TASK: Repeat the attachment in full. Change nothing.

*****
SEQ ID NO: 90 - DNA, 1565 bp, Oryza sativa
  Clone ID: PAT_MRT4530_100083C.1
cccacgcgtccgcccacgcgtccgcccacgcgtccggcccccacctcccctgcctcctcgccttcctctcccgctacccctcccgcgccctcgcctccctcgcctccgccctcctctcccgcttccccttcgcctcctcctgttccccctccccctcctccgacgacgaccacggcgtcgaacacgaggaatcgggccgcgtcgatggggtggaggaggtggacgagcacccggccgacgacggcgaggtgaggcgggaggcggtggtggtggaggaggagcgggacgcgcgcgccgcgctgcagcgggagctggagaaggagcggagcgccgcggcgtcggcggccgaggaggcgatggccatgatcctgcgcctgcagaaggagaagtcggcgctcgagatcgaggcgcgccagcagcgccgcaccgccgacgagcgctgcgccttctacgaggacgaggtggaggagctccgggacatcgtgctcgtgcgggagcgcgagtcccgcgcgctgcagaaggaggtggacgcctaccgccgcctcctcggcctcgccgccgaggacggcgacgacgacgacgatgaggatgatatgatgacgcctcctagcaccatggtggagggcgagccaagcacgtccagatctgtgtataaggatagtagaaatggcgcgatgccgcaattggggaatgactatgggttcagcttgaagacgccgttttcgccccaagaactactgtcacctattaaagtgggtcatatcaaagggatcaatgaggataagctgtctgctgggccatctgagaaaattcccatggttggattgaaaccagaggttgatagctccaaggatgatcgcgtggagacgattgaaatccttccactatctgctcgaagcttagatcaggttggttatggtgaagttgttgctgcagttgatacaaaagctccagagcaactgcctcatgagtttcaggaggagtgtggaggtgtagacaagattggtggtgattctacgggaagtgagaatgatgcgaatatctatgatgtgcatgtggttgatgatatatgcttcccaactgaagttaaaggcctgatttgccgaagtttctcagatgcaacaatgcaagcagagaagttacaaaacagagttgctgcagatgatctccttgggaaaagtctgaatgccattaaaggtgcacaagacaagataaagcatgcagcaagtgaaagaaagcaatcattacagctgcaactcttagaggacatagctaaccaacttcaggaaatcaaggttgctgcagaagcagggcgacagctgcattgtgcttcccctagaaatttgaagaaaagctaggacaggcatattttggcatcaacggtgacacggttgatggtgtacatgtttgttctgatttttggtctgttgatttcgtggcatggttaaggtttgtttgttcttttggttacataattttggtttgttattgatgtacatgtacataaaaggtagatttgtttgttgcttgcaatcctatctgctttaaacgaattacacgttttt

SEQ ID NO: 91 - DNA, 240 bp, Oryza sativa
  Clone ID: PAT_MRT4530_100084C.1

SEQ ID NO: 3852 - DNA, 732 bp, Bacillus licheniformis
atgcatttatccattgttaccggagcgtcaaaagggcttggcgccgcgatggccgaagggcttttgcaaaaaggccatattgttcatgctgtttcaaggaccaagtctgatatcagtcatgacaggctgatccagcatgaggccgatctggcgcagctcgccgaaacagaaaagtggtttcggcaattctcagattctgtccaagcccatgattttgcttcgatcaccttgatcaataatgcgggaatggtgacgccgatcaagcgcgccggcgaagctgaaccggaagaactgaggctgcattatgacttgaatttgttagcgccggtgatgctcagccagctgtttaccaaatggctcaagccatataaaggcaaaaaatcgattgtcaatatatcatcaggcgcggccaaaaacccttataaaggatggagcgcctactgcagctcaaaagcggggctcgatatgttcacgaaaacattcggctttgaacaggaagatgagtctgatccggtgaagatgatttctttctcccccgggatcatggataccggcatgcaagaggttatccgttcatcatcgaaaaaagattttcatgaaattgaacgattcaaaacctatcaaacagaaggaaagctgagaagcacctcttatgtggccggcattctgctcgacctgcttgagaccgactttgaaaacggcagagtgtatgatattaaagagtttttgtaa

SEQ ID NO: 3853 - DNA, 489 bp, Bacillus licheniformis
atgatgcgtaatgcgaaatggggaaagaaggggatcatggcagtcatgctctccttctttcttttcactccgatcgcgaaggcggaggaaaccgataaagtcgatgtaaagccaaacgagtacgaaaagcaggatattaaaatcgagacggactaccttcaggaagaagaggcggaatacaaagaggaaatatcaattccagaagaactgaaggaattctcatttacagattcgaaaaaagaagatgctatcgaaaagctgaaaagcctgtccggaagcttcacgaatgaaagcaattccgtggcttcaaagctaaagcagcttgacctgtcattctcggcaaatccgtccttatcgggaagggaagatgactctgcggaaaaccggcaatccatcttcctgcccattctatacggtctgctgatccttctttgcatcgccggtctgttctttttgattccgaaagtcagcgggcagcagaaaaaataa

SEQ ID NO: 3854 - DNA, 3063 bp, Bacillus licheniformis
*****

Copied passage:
SEQ ID NO: 90 - DNA, 1565 bp, Oryza sativa
  Clone ID: PAT_MRT4530_100083C.1
cccacgcgtccgcccacgcgtccgcccacgcgtccggcccccacctcccctgcctcctcgccttcctctcccgctacccctcccgcgccctcgcctccctcgcctccgccctcctctcccgcttccccttcgcctcctcctgttccccctccccctcctccgacgacgaccacggcgtcgaacacgaggaatcgggccgcgtcgatggggtggaggaggtggacgagcacccggccgacgacggcgaggtgaggcgggaggcggtggtggtggaggaggagcgggacgcgcgcgccgcgctgcagcgggagctggagaaggagcggagcgccgcggcgtcggcggccgaggaggcgatggccatgatcctgcgcctgcagaaggagaagtcggcgctcgagatcgaggcgcgccagcagcgccgcaccgccgacgagcgctgcgccttctacgaggacgaggtggaggagctccgggacatcgtgctcgtgcgggagcgcgagtcccgcgcgctgcagaaggaggtggacgcctaccgccgcctcctcggcctcgccgccgaggacggcgacgacgacgacgatgaggatgatatgatgacgcctcctagcaccatggtggagggcgagccaagcacgtccagatctgtgtataaggatagtagaaatggcgcgatgccgcaattggggaatgactatgggttcagcttgaagacgccgttttcgccccaagaactactgtcacctattaaagtgggtcatatcaaagggatcaatgaggataagctgtctgctgggccatctgagaaaattcccatggttggattgaaaccagaggttgatagctccaaggatgatcgcgtggagacgattgaaatccttccactatctgctcgaagcttagatcaggttggttatggtgaagttgttgctgcagttgatacaaaagctccagagcaactgcctcatgagtttcaggaggagtgtggaggtgtagacaagattggtggtgattctacgggaagtgagaatgatgcgaatatctatgatgtgcatgtggttgatgatatatgcttcccaactgaagttaaaggcctgatttgccgaagtttctcagatgcaacaatgcaagcagagaagttacaaaacagagttgctgcagatgatctccttgggaaaagtctgaatgccattaaaggtgcacaagacaagataaagcatgcagcaagtgaaagaaagcaatcattacagctgcaactcttagaggacatagctaaccaacttcaggaaatcaaggttgctgcagaagcagggcgacagctgcattgtgcttcccctagaaatttgaagaaaagctaggacaggcatattttggcatcaacggtgacacggttgatggtgtacatgtttgttctgatttttggtctgttgatttcgtggcatggttaaggtttgtttgttcttttggttacataattttggtttgttattgatgtacatgtacataaaaggtagatttgtttgttgcttgcaatcctatctgctttaaacgaattacacgttttt

SEQ ID NO: 91 - DNA, 240 bp, Oryza sativa
  Clone ID: PAT_MRT4530_100084C.1

SEQ ID NO: 3852 - DNA, 732 bp, Bacillus licheniformis
atgcatttatccattgttaccggagcgtcaaaagggcttggcgccgcgatggccgaagggcttttgcaaaaaggccatattgttcatgctgtttcaaggaccaagtctgatatcagtcatgacaggctgatccagcatgaggccgatctggcgcagctcgccgaaacagaaaagtggtttcggcaattctcagattctgtccaagcccatgattttgcttcgatcaccttgatcaataatgcgggaatggtgacgccgatcaagcgcgccggcgaagctgaaccggaagaactgaggctgcattatgacttgaatttgttagcgccggtgatgctcagccagctgtttaccaaatggctcaagccatataaaggcaaaaaatcgattgtcaatatatcatcaggcgcggccaaaaacccttataaaggatggagcgcctactgcagctcaaaagcggggctcgatatgttcacgaaaacattcggctttgaacaggaagatgagtctgatccggtgaagatgatttctttctcccccgggatcatggataccggcatgcaagaggttatccgttcatcatcgaaaaaagattttcatgaaattgaacgattcaaaacctatcaaacagaaggaaagctgagaagcacctcttatgtggccggcattctgctcgacctgcttgagaccgactttgaaaacggcagagtgtatgatattaaagagtttttgtaa

SEQ ID NO: 3853 - DNA, 489 bp, Bacillus licheniformis
atgatgcgtaatgcgaaatggggaaagaaggggatcatggcagtcatgctctccttctttcttttcactccgatcgcgaaggcggaggaaaccgataaagtcgatgtaaagccaaacgagtacgaaaagcaggatattaaaatcgagacggactaccttcaggaagaagaggcggaatacaaagaggaaatatcaattccagaagaactgaaggaattctcatttacagattcgaaaaaagaagatgctatcgaaaagctgaaaagcctgtccggaagcttcacgaatgaaagcaattccgtggcttcaaagctaaagcagcttgacctgtcattctcggcaaatccgtccttatcgggaagggaagatgactctgcggaaaaccggcaatccatcttcctgcccattctatacggtctgctgatccttctttgcatcgccggtctgttctttttgattccgaaagtcagcgggcagcagaaaaaataa

SEQ ID NO: 3854 - DNA, 3063 bp, Bacillus licheniformis